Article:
You guys are doing secret suppers? How’s that going?
They’re going great. We were doing them out of a smaller place, and it was amazing, but we had kind of hit the cap there of what we could pull off. It didn’t have a kitchen, so we had to bring in propane burners, which meant we were really limited as to what we could make there. We just moved into the new space, we had our first supper there two days ago. We had 70 people and it has an almost-full kitchen. It’s a great location, too. It went over great, so we will start doing those more. It’s also a great place to do fermentation workshops and my own fermenting.
What’s the structure for your secret suppers? Do you guys include booze?
We currently include booze. We have a set price and it’s relatively low, and it includes everything. I love secret suppers, and I have friends that do them as well. We wanted to keep it an affordable event. I don’t know that I would call the other ones unaffordable, but I wouldn’t call them totally inclusive to everybody. Food is expensive, so I understand why people need to charge more, but we keep our menu within the $20 range and that includes everything. We may have to negotiate what we’re going to do in the future given that I don’t work at R&B, so my pipeline of cheaper beer has dried up a bit, but there are other breweries who are supportive and I have friends that work at a few of them, just from being in that industry. I will probably go back to trying to brew somewhere professionally, but only a day or two a week.
Are there a lot of secret suppers up and running in Vancouver right now?
Yeah, there’s a few. There’s the ones that have been around for years, and there are a couple new ones. There’s a really great vegan one that a lot of friends have been going to, and sounds amazing. One of the people that is part of the group that I’m doing ours with has started her own; I think the first one is in two weeks. There are definitely a few kicking around the city.
There used to be one in a warehouse where they brewed their own beer and made their own sausage.
Oh! That does sound totally familiar. I think I even went to that one. The name of the beer thing they were doing was Crab Alley. That’s really funny, the guy who made the beer, his friend was a sausage maker, or a butcher. And the guy who made the beer was actually the guy who taught me how to brew when I started at R&B. His name is Hamish MacRae.
Yeah, that’s it!
He’s the guy who was the head brewer when I started there. And trained me how to brew professionally. It’s a small world when it comes to stuff like this. Now he’s one of the head brewers at Red Truck Brewing.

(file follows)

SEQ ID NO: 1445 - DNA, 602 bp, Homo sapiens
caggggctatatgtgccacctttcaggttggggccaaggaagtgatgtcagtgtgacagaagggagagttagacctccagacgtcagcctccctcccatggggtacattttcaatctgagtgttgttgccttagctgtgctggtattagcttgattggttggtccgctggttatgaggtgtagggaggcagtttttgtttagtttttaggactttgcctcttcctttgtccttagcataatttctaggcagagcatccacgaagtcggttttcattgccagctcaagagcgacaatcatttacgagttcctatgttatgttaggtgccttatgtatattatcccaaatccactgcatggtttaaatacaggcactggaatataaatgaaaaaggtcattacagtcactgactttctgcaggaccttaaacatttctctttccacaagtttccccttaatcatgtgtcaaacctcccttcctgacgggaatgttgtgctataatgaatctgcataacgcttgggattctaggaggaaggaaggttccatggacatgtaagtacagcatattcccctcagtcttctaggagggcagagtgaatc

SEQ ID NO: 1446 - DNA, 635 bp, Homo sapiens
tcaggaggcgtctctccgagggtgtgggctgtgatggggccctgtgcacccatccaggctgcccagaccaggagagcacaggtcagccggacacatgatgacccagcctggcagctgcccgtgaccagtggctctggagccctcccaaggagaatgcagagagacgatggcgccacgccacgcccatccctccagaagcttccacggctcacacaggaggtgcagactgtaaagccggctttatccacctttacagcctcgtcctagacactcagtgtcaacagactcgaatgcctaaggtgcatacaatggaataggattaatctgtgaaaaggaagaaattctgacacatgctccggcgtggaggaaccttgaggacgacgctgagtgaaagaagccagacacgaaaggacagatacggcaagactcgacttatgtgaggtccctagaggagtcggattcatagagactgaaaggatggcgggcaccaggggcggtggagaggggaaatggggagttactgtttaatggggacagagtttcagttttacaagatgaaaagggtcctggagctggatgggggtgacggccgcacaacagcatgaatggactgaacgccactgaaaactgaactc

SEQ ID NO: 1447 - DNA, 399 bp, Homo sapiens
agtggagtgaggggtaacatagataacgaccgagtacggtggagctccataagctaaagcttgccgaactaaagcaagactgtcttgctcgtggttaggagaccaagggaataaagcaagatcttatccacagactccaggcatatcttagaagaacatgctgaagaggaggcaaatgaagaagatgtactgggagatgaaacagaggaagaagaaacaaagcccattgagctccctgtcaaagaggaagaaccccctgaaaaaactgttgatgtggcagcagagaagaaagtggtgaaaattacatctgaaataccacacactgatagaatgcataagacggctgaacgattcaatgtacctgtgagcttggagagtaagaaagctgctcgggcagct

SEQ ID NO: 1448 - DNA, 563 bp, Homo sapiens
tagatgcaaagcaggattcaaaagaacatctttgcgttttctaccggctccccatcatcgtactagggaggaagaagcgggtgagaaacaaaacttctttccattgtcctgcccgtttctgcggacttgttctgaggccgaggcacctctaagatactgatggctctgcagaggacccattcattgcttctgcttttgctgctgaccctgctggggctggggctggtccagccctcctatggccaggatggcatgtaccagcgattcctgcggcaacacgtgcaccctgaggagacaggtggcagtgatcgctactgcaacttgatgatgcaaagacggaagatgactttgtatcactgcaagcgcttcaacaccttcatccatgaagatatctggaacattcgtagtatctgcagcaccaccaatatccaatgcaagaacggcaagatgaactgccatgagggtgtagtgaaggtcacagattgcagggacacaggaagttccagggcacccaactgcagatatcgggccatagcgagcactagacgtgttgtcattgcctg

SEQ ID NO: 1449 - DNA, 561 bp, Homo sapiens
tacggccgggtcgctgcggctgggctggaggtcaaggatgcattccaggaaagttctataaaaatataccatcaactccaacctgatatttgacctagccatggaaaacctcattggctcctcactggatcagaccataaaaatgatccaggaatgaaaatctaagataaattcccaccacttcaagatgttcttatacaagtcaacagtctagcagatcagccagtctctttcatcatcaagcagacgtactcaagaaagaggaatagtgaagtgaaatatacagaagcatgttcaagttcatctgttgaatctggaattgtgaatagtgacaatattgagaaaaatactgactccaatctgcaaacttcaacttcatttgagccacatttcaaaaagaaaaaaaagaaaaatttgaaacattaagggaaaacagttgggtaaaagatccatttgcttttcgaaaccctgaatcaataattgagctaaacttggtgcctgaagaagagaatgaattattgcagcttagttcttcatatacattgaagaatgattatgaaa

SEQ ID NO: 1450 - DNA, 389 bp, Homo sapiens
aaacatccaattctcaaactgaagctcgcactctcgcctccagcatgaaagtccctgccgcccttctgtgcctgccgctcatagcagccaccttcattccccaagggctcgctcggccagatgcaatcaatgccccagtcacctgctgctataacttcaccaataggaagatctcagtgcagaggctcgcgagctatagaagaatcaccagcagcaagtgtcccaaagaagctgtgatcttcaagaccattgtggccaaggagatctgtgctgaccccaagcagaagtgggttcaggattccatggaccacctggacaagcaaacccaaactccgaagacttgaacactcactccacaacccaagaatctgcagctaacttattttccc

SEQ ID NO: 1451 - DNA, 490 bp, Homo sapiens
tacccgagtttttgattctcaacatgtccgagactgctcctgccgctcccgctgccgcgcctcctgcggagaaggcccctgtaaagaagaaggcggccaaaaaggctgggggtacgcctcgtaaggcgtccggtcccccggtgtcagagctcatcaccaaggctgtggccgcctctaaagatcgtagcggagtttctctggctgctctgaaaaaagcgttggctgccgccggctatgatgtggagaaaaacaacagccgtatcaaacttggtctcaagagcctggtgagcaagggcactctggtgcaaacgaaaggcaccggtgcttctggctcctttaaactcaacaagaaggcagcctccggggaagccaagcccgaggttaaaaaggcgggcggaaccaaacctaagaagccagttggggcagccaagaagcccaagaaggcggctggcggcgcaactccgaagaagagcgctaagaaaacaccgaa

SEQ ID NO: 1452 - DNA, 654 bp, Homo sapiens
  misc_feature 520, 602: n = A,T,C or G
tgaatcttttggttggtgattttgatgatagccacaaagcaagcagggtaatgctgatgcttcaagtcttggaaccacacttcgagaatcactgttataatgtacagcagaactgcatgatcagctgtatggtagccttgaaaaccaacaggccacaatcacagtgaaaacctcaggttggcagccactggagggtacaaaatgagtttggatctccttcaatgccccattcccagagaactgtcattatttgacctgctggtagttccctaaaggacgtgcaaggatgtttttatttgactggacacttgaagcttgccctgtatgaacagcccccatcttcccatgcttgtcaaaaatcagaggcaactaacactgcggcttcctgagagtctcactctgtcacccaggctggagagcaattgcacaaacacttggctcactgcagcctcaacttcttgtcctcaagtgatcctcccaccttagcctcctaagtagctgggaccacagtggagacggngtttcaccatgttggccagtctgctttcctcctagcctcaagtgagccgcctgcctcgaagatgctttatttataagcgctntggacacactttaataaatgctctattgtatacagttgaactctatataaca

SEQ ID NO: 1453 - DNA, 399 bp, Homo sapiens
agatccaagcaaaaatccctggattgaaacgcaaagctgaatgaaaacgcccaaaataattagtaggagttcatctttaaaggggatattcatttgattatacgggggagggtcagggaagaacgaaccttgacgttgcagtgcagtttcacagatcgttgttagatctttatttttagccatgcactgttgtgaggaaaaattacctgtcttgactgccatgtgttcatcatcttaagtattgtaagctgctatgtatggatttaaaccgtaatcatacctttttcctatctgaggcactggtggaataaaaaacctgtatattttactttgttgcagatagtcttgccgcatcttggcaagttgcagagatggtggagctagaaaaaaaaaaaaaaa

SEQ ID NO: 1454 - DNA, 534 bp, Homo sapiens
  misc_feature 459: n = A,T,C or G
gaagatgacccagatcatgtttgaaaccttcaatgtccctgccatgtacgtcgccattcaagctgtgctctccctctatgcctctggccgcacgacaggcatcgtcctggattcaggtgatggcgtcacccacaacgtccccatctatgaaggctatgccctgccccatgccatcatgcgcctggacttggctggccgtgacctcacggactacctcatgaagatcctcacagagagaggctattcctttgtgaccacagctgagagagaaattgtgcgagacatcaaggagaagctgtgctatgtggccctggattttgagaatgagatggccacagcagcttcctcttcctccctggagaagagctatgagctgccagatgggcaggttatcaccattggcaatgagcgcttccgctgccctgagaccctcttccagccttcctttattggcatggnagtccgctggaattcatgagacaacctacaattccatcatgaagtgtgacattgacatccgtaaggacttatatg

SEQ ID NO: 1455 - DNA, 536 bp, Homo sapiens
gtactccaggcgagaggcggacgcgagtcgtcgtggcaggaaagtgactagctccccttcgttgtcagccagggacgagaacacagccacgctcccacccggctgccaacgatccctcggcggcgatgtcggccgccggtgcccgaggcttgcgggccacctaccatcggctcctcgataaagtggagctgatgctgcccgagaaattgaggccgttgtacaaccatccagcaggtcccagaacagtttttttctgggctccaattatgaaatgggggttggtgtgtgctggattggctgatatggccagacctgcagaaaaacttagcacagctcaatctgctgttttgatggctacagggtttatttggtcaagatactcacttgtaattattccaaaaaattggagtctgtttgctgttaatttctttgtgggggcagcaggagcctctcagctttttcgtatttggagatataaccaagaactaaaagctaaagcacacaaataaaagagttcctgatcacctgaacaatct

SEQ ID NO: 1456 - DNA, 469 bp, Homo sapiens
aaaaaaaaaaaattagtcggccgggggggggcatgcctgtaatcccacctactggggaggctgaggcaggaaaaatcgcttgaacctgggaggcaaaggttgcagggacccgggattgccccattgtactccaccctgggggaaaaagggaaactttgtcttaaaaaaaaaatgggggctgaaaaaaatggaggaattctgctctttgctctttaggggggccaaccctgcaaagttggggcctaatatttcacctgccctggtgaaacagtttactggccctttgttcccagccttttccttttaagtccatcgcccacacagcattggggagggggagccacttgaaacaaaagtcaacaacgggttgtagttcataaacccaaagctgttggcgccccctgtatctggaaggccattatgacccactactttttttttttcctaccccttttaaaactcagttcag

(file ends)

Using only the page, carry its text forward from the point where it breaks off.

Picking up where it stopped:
Has anyone ever been busted by the authorities when it comes to secret suppers, or have you guys been left alone?
Not that I know of. Not over here. We got caught when we were doing it in Victoria once. We were doing it out of our house a number of years ago. The city came once. Someone complained, and we’re not 100 percent sure, but we’re pretty sure that it was a restaurant owner who employed one of the people who helped do our secret supper. We thought he was upset that she asked for a day off to do it, and that was his way of getting back at her. The thing with how we do it is we don’t charge a set amount. We have a jar by the door and no one monitors the money, if you have the money, obviously we have to cover our costs, so we hope people will pay. We’ve never had any issues or had people feel they were overcharged. Basically, it’s by donation, and none of us touch money and there’s no price posted any where. In Victoria, that’s what saved us. The city worker who came was like, “Technically, you are having a BBQ or picnic,” but he knew exactly what we were doing, but said if we don’t touch money or set a price, we’re just having a potluck. Our events are open to anyone who contacts us, and they aren’t generally open to the public, and we’re in an area where no one knows where we are. You basically have to text someone to get in the door. We’re careful, there’s no need to tell anyone where it is unless they are coming for the event.
Todd Graham’s Hand Taste Ferments does a monthly supper based on fermented foods.